Colors of Salt Lake, Kazakhstan

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An astronaut aboard the International Space Station (ISS) took this photograph of a chain of small lakes in the treeless prairie, or steppe, from Western Kazakhstan. The colored lakes lie a few meters below sea level. This part of Kazakhstan is a plain that slopes down to the Caspian Sea, 300 kilometers to the south, itself located about 27 meters (90 feet) below sea level. of the sea.

Small settlements (such as Kumankol) dot these semi-arid landscapes, but they can be difficult to discern in images from satellites and space stations. Hundreds of these pastoral establishments are spread across the countryside of Kazakhstan. A main road crosses the bottom of the photo.

The Ashiozek River, marked by many meanders, brings water south to the lakes. The river extends in a small delta, and water flows through these branches to Aralsor and Zhalnak lakes and other depressions further south. (For scale, Lake Aralsor is 15 kilometers or 9.5 miles wide in an east-west direction.) The margin of a vegetated dune field is visible in the lower left corner; dunes often accompany such lakes in this region.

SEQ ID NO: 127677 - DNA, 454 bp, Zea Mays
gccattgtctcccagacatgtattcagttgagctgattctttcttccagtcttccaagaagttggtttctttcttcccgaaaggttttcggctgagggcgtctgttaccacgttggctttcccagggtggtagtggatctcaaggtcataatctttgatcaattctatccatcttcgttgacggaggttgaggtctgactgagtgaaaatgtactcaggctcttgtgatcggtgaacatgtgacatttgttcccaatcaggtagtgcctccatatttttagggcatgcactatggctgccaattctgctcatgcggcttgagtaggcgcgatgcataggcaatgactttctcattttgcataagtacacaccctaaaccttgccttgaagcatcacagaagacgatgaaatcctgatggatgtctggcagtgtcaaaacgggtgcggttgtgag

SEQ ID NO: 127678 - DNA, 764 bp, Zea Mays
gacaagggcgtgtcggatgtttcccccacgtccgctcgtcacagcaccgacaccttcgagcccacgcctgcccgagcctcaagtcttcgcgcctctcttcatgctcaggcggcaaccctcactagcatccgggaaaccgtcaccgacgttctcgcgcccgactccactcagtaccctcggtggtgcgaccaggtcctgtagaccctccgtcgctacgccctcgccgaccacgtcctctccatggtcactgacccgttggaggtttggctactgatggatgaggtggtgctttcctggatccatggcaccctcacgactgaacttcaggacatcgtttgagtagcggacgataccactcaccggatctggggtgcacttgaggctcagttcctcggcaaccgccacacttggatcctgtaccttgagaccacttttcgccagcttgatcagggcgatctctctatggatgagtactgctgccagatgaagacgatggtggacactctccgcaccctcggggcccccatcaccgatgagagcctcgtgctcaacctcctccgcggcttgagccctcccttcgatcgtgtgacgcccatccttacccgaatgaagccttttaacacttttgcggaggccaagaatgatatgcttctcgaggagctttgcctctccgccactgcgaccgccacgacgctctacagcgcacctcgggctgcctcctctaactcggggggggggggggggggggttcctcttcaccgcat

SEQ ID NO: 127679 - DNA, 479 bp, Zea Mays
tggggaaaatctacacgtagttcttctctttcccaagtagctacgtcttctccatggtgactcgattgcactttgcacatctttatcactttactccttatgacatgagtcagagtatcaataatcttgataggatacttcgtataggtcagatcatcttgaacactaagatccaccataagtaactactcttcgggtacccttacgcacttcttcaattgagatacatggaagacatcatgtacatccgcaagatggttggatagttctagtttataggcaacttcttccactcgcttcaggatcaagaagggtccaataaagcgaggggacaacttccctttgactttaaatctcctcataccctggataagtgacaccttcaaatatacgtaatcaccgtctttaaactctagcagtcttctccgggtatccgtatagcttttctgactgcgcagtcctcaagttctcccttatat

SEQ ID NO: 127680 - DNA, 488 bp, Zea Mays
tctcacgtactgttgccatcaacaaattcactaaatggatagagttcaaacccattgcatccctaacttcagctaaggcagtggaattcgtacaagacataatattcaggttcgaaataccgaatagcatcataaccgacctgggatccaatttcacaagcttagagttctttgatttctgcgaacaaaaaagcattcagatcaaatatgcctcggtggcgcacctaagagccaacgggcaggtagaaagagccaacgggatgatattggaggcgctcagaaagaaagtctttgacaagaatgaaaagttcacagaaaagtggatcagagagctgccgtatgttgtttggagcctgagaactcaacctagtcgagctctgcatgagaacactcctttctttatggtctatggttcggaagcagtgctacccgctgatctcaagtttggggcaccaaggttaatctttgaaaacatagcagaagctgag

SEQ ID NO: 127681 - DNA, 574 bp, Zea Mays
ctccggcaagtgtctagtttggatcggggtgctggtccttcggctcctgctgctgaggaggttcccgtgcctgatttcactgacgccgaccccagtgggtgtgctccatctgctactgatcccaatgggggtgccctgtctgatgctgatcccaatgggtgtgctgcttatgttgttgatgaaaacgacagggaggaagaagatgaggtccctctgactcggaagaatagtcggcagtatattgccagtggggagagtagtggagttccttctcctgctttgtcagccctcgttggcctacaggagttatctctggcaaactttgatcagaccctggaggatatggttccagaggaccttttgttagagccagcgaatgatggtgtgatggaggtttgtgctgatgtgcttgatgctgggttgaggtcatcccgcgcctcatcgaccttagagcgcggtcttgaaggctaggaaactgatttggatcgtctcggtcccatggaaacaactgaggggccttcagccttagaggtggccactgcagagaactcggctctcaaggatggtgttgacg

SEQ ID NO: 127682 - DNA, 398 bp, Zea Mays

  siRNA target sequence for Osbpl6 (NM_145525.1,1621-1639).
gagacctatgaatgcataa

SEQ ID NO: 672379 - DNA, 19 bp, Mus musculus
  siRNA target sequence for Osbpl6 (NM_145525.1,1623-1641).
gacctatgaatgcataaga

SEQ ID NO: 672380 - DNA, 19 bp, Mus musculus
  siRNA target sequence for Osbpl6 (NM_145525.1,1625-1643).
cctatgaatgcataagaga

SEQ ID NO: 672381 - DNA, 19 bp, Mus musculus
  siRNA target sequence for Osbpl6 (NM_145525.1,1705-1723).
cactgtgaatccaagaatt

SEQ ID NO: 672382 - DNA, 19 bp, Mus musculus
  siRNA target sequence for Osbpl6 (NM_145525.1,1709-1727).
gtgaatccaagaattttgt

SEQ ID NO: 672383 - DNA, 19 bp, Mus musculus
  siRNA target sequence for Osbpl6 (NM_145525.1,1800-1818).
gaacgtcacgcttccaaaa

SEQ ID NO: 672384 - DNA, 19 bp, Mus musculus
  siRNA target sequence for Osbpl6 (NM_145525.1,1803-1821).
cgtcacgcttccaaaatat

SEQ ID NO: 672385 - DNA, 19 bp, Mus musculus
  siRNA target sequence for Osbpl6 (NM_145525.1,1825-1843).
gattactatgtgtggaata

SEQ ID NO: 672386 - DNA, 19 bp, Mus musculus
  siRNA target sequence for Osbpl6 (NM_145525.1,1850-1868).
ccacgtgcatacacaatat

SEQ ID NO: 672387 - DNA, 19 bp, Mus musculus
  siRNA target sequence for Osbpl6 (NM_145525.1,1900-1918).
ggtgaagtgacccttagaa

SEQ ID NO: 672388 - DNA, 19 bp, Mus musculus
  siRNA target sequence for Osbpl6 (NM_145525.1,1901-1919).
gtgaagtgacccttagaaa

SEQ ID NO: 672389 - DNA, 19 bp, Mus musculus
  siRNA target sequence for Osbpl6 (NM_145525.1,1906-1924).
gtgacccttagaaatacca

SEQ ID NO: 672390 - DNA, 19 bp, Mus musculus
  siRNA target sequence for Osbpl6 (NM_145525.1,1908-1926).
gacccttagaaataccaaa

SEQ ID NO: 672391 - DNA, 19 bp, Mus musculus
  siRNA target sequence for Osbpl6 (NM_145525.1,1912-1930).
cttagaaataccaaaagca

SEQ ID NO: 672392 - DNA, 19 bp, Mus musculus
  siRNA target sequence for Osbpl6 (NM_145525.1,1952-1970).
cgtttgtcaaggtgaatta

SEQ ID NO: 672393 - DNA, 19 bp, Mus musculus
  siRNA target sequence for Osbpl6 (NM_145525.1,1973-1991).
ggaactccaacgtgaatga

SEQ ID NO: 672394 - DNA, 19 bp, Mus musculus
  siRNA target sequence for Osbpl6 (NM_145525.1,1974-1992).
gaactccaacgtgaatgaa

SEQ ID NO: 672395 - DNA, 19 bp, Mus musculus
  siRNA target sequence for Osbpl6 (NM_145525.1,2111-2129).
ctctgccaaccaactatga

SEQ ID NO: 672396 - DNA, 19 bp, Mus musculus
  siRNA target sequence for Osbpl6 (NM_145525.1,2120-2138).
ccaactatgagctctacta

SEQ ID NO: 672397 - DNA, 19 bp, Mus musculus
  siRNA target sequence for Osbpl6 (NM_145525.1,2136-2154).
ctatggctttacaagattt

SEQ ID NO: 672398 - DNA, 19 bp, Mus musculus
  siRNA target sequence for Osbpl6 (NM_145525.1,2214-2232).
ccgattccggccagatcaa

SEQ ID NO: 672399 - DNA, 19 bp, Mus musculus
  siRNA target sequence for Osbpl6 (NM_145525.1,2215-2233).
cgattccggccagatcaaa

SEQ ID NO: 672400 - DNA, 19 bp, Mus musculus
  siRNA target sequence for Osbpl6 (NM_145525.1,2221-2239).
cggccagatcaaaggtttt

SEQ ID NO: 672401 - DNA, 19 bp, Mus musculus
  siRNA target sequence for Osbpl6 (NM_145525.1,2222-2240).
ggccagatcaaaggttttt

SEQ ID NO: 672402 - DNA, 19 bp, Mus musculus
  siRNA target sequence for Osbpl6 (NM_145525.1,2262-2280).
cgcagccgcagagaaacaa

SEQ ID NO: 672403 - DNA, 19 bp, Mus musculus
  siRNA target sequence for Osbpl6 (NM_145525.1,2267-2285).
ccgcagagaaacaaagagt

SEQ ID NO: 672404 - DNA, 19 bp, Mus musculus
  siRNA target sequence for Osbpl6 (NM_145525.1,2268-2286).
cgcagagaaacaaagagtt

Evaporation increases the salinity of the water in this region, allowing different species of salt-loving microorganisms to thrive. The different salinity and temperature in each lake influences the dominant microbe species that thrive. Different microorganisms display varying colors as the varying depth of the lake water accentuates or softens the tones. Exposed salt – not an active microbial community – may account for the bright white of the smaller lake bed in the lower right.

The phenomenon of colored neighboring lakes occurs in all semi-arid subtropical zones, as demonstrated by astronaut images of Lake Eyre in Australia and Etosha Casserole in Namibia. Evaporation ponds on the margin of the Great Salt Lake (pans designed for salt production) show the same kind of variable color differences. In most cases, the colors red and orange indicate higher salt concentrations and microbial activity than blue water.

Astronaut Photography ISS067-E-133135 was acquired on June 15, 2022, with a Nikon D5 digital camera using a 400 millimeter focal length. It is provided by the ISS Crew Earth Observation Facility and the Earth Science and Remote Sensing Unit at Johnson Space Center. The image was taken by a member of the Expedition 67 crew. The image has been cropped and enhanced to improve contrast, and lens artifacts have been removed. The International Space Station Program supports the laboratory in the context of ISS National Laboratory to help astronauts take pictures of Earth that will be of the greatest value to scientists and the public, and to make these images freely available on the Internet. Additional images taken by astronauts and cosmonauts can be viewed at NASA/JSC Gateway to Astronaut Photography of Earth. Caption by Justin Wilkinson, Texas State University, JETS contract at NASA-JSC.

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